I have never considered myself very maternal. I make babies cry and I really do not understand the appeal of them. Puppies I totally get; babies, not so much. For much of my life motherhood was something I intended to do someday but in recent years it had started to feel like an alien concept.
So when I unexpectedly became a mother to a 7 year old girl, I am smart enough and self-aware enough, to know, I should have been better prepared.
In 2008 we were asked to take custody of a relative of my husband whose own parents were unable to raise her. I had met her once and had just one memory of her kicking the family dog, which did not endear her to me; but still, we did not hesitate. She needed a family, and we could make one.
In the weeks before she moved to our home, I was a buzz of activity and planning. I painted and decorated her bedroom in an explosion of pink (it looked like a My Little Pony stable had imploded). I dragged out my childhood books and toys, enrolled her in school, and identified every sporting club in a 20km radius. I had plans and at the top of the to-do list was, “be a perfect mother”.
There were a series of bureaucratic processes that needed to happen before we could take custody, but like any bureaucratic machine, progress was slow and I spent many hours on the phone pushing, prodding, and demanding results. I was louder and pushier than I had ever been. I barely knew this child but I loved her already. I felt that slaying the bureaucratic monster was my first battle in a lifetime and I was determined to fight for this little girl. I was a mother and my sword was drawn.
The first month or so was bliss. She was a genuinely delightful child; sweet, kind, affectionate and desperately craving a mother figure. On the day she moved in she asked if she could call me Mum, and my heart nearly burst. It was real, I was a Mum and I even had the label. Her little life had been a series of traumas, each one alone capable of toppling most adults, but yet she was full of laughter and joy.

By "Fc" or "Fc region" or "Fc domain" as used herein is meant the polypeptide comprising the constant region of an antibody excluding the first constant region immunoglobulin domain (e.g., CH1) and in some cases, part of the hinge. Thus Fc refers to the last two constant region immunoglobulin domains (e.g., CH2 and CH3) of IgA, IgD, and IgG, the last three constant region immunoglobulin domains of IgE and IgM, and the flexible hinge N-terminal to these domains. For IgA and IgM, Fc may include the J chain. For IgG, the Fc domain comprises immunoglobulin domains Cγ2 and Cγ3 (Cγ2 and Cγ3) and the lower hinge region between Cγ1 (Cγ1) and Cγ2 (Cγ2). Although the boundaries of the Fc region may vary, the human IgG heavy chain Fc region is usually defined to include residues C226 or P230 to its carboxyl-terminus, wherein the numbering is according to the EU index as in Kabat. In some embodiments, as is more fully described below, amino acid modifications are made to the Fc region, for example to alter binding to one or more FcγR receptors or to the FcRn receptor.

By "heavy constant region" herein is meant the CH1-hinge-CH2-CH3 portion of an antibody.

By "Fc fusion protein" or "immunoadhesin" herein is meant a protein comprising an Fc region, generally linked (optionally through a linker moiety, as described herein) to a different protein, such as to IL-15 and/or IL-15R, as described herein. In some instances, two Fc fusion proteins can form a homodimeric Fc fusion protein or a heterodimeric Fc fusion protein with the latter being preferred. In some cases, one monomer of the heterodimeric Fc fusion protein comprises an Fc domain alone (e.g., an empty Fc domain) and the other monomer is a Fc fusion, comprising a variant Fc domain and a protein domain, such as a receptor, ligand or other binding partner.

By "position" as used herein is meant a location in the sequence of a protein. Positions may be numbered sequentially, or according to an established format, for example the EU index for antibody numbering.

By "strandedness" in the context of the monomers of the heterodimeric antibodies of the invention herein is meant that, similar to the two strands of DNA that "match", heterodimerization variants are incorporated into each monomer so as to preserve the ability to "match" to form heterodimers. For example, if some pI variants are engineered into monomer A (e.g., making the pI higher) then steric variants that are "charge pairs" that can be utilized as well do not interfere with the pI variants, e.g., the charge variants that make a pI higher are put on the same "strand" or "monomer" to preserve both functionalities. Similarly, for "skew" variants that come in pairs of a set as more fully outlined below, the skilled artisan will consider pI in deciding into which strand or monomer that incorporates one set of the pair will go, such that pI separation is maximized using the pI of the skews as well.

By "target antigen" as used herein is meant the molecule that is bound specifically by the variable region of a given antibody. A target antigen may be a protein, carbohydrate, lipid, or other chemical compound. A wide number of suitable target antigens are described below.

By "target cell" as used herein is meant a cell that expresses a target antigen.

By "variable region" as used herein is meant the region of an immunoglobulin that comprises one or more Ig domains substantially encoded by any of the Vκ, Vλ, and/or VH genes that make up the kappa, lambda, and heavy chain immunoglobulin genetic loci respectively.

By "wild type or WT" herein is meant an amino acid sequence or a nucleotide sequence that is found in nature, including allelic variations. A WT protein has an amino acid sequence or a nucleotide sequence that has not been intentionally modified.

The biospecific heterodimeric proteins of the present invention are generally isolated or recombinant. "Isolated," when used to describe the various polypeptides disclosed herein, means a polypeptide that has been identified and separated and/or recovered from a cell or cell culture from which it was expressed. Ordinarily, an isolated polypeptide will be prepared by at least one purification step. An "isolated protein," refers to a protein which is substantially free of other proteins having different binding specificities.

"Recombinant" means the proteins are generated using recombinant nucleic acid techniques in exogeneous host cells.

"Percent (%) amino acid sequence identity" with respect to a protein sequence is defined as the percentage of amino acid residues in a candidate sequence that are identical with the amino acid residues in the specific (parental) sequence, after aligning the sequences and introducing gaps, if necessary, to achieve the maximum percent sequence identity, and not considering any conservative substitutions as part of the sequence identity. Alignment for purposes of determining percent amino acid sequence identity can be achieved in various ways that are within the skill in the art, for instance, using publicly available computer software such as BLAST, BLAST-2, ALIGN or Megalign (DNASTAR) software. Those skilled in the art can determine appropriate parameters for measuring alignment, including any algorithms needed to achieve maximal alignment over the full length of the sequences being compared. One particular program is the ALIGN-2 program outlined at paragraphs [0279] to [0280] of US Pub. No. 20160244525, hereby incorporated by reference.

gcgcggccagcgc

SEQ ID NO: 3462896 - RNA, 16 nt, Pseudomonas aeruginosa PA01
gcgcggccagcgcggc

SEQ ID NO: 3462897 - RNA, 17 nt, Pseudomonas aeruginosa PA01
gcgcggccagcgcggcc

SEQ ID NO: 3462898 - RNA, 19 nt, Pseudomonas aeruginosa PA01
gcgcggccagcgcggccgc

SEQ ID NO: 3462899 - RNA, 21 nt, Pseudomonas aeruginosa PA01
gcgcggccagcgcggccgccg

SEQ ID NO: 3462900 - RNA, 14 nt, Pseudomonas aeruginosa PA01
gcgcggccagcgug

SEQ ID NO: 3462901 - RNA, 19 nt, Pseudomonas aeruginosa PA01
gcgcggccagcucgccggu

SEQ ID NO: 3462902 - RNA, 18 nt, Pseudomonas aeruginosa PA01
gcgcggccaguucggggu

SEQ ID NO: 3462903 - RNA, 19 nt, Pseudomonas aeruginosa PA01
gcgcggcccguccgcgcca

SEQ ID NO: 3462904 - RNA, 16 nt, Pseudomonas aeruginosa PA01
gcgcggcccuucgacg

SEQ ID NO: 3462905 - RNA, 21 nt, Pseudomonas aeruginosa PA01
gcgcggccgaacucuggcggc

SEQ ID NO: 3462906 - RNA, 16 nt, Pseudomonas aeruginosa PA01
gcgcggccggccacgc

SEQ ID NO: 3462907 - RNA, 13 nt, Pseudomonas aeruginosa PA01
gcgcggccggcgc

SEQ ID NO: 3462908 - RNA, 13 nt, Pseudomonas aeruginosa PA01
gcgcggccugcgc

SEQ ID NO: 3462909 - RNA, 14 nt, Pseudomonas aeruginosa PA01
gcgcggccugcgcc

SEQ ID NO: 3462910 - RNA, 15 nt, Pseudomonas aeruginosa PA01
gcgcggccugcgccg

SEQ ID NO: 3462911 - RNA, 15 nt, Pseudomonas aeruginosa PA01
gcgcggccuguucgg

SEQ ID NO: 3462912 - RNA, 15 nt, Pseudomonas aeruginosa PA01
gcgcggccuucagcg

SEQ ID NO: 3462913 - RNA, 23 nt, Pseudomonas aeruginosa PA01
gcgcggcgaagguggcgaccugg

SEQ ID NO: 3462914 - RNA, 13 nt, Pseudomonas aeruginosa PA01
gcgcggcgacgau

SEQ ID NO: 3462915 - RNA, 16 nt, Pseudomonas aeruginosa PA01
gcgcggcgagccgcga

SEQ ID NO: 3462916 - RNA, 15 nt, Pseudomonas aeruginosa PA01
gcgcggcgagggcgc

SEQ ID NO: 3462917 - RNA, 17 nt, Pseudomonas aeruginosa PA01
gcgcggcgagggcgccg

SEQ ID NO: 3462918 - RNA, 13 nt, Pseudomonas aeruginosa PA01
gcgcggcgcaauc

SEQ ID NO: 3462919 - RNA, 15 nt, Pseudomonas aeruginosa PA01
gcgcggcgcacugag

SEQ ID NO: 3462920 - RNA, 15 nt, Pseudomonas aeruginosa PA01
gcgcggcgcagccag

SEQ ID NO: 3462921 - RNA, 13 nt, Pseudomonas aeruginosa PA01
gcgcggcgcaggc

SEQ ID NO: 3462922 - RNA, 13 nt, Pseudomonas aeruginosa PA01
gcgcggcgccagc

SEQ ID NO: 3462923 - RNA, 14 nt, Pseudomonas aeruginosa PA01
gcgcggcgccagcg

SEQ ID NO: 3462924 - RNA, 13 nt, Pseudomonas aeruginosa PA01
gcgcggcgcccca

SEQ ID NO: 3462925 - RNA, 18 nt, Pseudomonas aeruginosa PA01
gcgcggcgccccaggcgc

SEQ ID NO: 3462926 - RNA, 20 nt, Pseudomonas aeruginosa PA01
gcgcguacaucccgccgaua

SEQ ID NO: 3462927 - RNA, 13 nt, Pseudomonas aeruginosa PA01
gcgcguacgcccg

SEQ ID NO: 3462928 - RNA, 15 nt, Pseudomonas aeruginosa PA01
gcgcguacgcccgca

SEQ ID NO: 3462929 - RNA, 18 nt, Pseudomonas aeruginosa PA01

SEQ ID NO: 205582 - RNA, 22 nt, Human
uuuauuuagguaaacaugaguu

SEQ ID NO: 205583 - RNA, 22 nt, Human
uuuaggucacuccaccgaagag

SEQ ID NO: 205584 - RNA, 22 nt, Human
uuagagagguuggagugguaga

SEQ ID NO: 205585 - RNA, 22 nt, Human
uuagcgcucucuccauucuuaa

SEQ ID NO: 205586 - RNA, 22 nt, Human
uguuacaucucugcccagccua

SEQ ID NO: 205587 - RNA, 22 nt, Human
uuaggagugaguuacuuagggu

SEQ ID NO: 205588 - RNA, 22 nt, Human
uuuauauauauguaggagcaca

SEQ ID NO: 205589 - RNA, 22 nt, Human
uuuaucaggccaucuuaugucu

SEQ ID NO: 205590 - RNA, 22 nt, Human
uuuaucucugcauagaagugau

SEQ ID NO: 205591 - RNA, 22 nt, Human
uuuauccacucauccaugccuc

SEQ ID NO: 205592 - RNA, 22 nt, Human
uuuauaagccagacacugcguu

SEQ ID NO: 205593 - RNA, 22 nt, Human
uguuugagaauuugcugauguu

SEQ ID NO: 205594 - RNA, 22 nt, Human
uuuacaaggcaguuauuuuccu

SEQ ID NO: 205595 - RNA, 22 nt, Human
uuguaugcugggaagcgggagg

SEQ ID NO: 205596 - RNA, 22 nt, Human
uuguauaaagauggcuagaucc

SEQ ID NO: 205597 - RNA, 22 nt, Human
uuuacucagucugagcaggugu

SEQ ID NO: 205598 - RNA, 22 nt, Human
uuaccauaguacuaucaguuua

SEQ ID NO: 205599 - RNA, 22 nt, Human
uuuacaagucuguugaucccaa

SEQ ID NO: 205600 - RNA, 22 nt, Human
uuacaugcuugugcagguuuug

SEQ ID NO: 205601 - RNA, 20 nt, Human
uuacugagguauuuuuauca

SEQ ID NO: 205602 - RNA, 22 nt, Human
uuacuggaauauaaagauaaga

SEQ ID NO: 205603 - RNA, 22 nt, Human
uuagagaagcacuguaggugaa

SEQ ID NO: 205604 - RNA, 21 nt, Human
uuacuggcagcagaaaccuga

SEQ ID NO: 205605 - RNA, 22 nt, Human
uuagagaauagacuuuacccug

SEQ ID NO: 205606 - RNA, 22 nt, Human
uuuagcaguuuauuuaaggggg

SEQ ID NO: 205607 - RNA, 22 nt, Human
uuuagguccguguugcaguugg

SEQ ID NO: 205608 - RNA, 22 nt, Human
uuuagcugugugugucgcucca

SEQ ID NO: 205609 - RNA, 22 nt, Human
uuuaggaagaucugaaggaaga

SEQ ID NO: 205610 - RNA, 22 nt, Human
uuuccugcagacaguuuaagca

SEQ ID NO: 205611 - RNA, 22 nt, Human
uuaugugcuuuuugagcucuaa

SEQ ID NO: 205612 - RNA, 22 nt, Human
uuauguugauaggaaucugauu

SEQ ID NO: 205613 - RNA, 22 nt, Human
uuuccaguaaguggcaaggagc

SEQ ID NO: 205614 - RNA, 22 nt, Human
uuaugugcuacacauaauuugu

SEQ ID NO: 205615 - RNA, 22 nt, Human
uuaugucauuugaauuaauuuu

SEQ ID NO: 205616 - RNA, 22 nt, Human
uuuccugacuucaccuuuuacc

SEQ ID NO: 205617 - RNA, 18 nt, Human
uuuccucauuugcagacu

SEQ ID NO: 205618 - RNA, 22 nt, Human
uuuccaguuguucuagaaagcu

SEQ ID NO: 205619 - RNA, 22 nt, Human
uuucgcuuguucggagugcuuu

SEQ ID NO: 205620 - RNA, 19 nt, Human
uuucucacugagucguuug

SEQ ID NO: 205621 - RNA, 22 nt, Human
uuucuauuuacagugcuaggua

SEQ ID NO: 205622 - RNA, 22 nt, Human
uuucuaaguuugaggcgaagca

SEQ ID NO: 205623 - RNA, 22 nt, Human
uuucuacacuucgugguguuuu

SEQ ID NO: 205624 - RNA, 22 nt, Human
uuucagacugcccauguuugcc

Some people said it was a honeymoon period, that eventually her traumatic life would bring out behavioural issues, that it would not stay this easy. But time passed and she only grew stronger, and more delightful as her sense of humour and quirky character developed. She showed a kindness and empathy beyond her years. We had the perfect child. So why was it so hard for me to be even an imperfect Mum?
I had heard about post adoption depression. Similar to post natal depression, it is rarely discussed, and even less understood or empathised with. For most adoptive parents, welcoming a new baby is the culmination of years of planning and waiting. Adoptive parents generally want a baby with every ounce of their being, demonstrated by the efforts and financial commitments that adoption requires.
So when their dream is finally realised, and they struggle to bond with the new baby, or the reality of having a child – especially a physically or psychologically damaged one – catches up with them, depression often sets in. And like any new Mum, an adoptive Mum feels ashamed; even more so because this child was a gift, for which she is supposed to be forever grateful. When she has talked about nothing else for 2, 3, 5 years, and now it has happened, no one expects the new Mum to turn around and say “I think we made a mistake…”.